If thats the case, I'm not sure how to progress, other than checking the TP-Link router to see if in the settings its still broadcasting a wireless signal. I have not used TP-Link routers much, but in there, you should have the ability to turn off or on wireless broadcasting for WiFi. Have you changed the name of the wireless network on the secondary router to match the name of the wireless networking coming from the main router? Lastly, have you connected both of the routers via an Ethernet cable?

      For the most part, putting it in bridge mode should really cover all of what you need, and everything else done in addition should ensure that it works properly.

      Other than that, your ISP should have no way of blocking this ability, unless they have provided you with the main router you use, and within there, the settings are limited. Even then, extending your WiFi wouldn't have much of any way of being blocked from your ISP with a provided router, given that the configuration lies within the second router.

      Hope this helps with your issue!

  7. This was very helpful. My routers are ASUS RT-AC87U (#1) and RT-AC87R (#2), both have AP mode.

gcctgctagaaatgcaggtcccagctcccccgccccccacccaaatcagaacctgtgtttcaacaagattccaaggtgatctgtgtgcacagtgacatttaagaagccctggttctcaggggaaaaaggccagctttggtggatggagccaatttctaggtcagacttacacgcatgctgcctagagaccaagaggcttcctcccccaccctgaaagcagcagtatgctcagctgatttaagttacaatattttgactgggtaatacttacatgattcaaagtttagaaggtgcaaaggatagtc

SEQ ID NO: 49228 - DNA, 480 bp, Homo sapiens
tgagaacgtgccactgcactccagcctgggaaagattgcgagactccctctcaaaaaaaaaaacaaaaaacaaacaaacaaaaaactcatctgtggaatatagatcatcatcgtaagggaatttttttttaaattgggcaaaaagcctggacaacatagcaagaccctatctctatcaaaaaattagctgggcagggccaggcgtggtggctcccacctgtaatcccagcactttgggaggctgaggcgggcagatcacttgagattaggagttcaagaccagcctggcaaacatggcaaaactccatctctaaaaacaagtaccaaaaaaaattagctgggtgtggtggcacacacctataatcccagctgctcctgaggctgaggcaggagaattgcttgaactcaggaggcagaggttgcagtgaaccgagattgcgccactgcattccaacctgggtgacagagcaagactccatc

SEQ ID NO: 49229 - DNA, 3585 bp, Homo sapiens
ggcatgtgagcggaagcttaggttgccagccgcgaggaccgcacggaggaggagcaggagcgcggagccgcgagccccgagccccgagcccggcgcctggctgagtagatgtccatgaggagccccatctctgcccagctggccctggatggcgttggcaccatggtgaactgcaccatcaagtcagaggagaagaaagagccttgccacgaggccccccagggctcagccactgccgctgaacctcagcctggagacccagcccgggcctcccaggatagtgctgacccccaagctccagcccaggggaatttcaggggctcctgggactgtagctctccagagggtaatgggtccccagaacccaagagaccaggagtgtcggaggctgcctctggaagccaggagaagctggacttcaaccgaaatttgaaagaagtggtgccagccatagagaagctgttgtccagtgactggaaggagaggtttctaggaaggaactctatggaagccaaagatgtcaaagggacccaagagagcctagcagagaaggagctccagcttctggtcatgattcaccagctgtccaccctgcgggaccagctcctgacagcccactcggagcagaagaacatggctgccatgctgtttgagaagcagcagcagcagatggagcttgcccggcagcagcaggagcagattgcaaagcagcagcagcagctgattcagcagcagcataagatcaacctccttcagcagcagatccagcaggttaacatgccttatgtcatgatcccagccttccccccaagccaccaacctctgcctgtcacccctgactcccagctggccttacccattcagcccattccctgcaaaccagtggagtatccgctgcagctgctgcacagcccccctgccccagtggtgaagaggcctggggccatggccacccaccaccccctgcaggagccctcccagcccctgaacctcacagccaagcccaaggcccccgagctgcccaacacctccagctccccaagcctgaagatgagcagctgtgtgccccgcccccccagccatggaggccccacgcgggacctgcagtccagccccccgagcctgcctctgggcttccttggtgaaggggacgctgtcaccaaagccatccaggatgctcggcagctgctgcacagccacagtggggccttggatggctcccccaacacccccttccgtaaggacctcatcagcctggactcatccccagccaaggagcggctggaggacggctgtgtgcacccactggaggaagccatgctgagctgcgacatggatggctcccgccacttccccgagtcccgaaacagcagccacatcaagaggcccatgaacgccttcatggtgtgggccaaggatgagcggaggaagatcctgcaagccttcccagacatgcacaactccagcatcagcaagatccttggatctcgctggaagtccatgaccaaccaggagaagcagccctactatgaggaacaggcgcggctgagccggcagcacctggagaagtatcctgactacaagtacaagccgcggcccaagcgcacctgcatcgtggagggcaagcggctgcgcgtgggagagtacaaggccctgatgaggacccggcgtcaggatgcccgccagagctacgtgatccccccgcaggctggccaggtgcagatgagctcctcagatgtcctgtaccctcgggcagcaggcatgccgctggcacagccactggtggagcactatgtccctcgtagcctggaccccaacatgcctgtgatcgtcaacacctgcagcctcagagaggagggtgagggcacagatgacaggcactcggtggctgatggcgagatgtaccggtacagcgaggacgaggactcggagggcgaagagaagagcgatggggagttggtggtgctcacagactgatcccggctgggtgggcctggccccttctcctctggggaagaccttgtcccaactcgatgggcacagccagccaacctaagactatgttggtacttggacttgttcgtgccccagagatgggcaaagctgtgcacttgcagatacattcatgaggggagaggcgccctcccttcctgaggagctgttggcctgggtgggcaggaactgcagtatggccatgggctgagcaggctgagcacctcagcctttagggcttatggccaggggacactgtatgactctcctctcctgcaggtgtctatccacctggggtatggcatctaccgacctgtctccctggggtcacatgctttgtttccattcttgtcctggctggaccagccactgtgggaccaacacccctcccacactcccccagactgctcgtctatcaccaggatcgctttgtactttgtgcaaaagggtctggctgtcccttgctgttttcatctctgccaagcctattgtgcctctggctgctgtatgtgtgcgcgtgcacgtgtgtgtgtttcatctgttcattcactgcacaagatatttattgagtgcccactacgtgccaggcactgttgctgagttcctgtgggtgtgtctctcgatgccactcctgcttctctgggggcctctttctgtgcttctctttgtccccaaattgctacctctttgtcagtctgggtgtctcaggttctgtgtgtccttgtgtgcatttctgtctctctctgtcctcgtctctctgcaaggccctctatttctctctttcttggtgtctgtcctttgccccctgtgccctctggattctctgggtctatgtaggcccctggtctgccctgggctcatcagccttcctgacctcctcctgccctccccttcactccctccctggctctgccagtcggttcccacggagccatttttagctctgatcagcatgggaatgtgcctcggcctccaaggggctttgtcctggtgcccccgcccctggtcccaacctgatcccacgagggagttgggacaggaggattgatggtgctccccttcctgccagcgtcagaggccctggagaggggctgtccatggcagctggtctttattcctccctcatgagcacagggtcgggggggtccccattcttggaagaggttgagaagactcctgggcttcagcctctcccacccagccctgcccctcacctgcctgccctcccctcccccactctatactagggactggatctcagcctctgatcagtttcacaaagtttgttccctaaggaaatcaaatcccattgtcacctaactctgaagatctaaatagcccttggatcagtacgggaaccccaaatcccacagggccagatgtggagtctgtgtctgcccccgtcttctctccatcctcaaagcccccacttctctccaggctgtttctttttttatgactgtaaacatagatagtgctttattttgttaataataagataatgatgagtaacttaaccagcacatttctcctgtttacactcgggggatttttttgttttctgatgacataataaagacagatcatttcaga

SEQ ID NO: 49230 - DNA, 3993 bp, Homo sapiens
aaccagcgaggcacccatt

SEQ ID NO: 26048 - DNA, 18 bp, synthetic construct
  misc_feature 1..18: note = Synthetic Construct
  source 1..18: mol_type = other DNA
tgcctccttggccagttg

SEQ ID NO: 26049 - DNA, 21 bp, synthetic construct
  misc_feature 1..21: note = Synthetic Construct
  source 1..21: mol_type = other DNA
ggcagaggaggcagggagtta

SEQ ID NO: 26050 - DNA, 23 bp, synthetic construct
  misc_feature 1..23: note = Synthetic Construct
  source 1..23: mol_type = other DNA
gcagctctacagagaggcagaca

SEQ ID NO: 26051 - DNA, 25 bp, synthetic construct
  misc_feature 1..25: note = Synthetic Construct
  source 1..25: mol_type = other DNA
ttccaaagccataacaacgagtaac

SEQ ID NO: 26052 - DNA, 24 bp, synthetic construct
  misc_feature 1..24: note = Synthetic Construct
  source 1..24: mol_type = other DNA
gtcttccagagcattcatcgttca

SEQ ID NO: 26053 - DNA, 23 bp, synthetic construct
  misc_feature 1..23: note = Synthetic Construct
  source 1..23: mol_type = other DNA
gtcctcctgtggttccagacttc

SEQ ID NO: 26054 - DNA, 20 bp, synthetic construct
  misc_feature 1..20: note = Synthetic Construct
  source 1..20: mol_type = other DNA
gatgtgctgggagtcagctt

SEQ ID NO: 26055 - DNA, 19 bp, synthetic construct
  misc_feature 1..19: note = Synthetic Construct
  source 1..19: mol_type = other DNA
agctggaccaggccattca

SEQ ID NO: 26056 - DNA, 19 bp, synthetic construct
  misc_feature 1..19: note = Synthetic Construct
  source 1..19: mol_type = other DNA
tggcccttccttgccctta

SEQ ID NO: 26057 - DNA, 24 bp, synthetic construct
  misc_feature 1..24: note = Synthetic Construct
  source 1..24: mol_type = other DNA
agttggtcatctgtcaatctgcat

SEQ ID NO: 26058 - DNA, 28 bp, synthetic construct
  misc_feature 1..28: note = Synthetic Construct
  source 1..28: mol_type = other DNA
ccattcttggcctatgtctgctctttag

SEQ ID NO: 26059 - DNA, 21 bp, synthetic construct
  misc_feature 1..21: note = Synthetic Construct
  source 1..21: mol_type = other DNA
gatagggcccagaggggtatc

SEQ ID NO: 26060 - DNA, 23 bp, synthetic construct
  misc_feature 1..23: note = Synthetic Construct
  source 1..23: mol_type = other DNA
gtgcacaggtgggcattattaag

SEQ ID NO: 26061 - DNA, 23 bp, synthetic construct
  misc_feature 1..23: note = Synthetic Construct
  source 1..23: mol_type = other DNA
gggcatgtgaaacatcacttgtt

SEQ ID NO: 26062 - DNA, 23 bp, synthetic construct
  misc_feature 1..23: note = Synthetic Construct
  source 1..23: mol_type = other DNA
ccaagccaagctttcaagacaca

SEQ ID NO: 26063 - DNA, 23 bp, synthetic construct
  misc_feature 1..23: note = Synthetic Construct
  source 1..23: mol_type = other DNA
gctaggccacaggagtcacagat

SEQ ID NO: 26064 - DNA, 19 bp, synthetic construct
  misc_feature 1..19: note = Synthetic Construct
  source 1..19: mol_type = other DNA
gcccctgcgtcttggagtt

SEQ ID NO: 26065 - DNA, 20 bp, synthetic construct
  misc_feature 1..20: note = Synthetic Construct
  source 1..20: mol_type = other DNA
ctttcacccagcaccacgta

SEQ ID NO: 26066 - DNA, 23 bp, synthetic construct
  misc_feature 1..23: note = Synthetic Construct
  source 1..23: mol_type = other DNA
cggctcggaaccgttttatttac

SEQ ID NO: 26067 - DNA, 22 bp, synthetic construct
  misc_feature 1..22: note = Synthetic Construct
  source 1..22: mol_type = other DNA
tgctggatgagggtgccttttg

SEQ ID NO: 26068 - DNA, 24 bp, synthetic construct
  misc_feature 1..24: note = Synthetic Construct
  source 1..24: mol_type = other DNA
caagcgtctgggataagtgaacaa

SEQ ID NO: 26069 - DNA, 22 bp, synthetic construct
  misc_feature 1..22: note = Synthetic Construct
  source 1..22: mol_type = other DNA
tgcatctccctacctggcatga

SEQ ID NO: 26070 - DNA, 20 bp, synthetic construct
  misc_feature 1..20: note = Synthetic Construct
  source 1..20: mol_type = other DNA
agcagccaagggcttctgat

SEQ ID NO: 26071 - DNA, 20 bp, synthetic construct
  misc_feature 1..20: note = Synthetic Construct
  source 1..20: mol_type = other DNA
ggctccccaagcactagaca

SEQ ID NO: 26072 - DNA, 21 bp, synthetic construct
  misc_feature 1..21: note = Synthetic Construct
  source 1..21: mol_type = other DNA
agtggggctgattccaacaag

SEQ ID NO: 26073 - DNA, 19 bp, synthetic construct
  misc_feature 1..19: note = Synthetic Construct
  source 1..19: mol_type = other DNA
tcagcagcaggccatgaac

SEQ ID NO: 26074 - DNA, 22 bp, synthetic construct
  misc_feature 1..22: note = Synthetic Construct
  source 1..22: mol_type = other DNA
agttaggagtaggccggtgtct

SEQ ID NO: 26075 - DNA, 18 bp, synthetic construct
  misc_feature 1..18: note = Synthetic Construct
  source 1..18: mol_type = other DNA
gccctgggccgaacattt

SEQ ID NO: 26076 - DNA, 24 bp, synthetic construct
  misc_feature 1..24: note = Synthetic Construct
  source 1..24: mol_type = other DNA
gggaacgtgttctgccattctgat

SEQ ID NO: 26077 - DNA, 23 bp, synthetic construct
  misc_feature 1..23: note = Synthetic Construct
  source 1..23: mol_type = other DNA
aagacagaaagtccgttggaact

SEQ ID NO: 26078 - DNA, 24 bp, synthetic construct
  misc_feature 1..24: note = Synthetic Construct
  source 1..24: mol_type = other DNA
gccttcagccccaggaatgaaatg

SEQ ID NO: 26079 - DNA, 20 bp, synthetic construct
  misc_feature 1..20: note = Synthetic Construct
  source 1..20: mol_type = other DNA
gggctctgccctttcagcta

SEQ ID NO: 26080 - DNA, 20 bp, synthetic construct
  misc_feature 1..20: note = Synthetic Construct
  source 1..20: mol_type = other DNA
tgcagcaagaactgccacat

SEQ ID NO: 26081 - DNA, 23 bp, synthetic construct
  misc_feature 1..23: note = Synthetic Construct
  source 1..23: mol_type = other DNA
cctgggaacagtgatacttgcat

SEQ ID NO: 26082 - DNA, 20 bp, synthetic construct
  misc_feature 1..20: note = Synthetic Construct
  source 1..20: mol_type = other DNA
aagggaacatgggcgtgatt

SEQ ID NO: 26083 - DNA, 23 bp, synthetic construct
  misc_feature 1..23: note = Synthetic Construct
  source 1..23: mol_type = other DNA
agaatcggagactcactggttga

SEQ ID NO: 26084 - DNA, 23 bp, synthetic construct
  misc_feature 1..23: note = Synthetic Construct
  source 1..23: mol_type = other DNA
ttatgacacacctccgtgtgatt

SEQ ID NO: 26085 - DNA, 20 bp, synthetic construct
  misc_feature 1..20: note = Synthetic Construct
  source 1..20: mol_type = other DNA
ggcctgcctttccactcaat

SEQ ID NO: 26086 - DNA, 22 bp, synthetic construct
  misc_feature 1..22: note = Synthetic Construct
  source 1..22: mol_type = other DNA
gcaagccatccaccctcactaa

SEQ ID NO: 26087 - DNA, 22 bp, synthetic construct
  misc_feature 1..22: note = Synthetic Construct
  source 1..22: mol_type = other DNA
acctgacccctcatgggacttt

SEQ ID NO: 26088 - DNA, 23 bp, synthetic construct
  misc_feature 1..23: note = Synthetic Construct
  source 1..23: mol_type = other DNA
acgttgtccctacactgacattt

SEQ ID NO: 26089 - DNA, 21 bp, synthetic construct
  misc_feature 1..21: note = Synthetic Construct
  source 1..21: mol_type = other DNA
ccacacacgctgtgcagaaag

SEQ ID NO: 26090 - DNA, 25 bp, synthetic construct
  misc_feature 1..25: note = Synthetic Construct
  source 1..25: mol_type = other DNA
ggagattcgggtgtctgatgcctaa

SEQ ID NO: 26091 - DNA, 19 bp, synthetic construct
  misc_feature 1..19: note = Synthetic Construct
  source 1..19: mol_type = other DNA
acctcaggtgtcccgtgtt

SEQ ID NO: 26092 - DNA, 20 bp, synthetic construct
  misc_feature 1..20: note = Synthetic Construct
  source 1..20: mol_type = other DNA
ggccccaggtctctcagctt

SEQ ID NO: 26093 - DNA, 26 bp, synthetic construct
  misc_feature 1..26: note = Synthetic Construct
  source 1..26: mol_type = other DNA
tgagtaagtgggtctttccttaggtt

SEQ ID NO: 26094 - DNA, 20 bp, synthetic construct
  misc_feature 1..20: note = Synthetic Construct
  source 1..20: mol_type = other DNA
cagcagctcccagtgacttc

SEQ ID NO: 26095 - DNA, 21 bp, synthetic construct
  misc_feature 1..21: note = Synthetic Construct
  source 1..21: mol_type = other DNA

At Step 1 (Configure the 1st router), setting it to AP mode launched another screen asking for the default gateway (used router #1 addr) and other info.
    At Step 2 (configure the 1st router), my router didn't like the AP mode and reset my address. I finally set it to wireless router mode and it worked.
    Much Appreciate the info, saving hard copy for future reference. dp

  8. Hi Orest!

    I have my Arris SBG6580-2 router as my main router and Tenda AC10 as my secondary router. I'm just wondering if I can set up my secondary router using static IP then connect via WAN? If yes, is this the procedure?

    1. Both router should have DHCP enabled (since the second router will have static IP)
    2. Reserve IP address via DHCP reservation on 1st router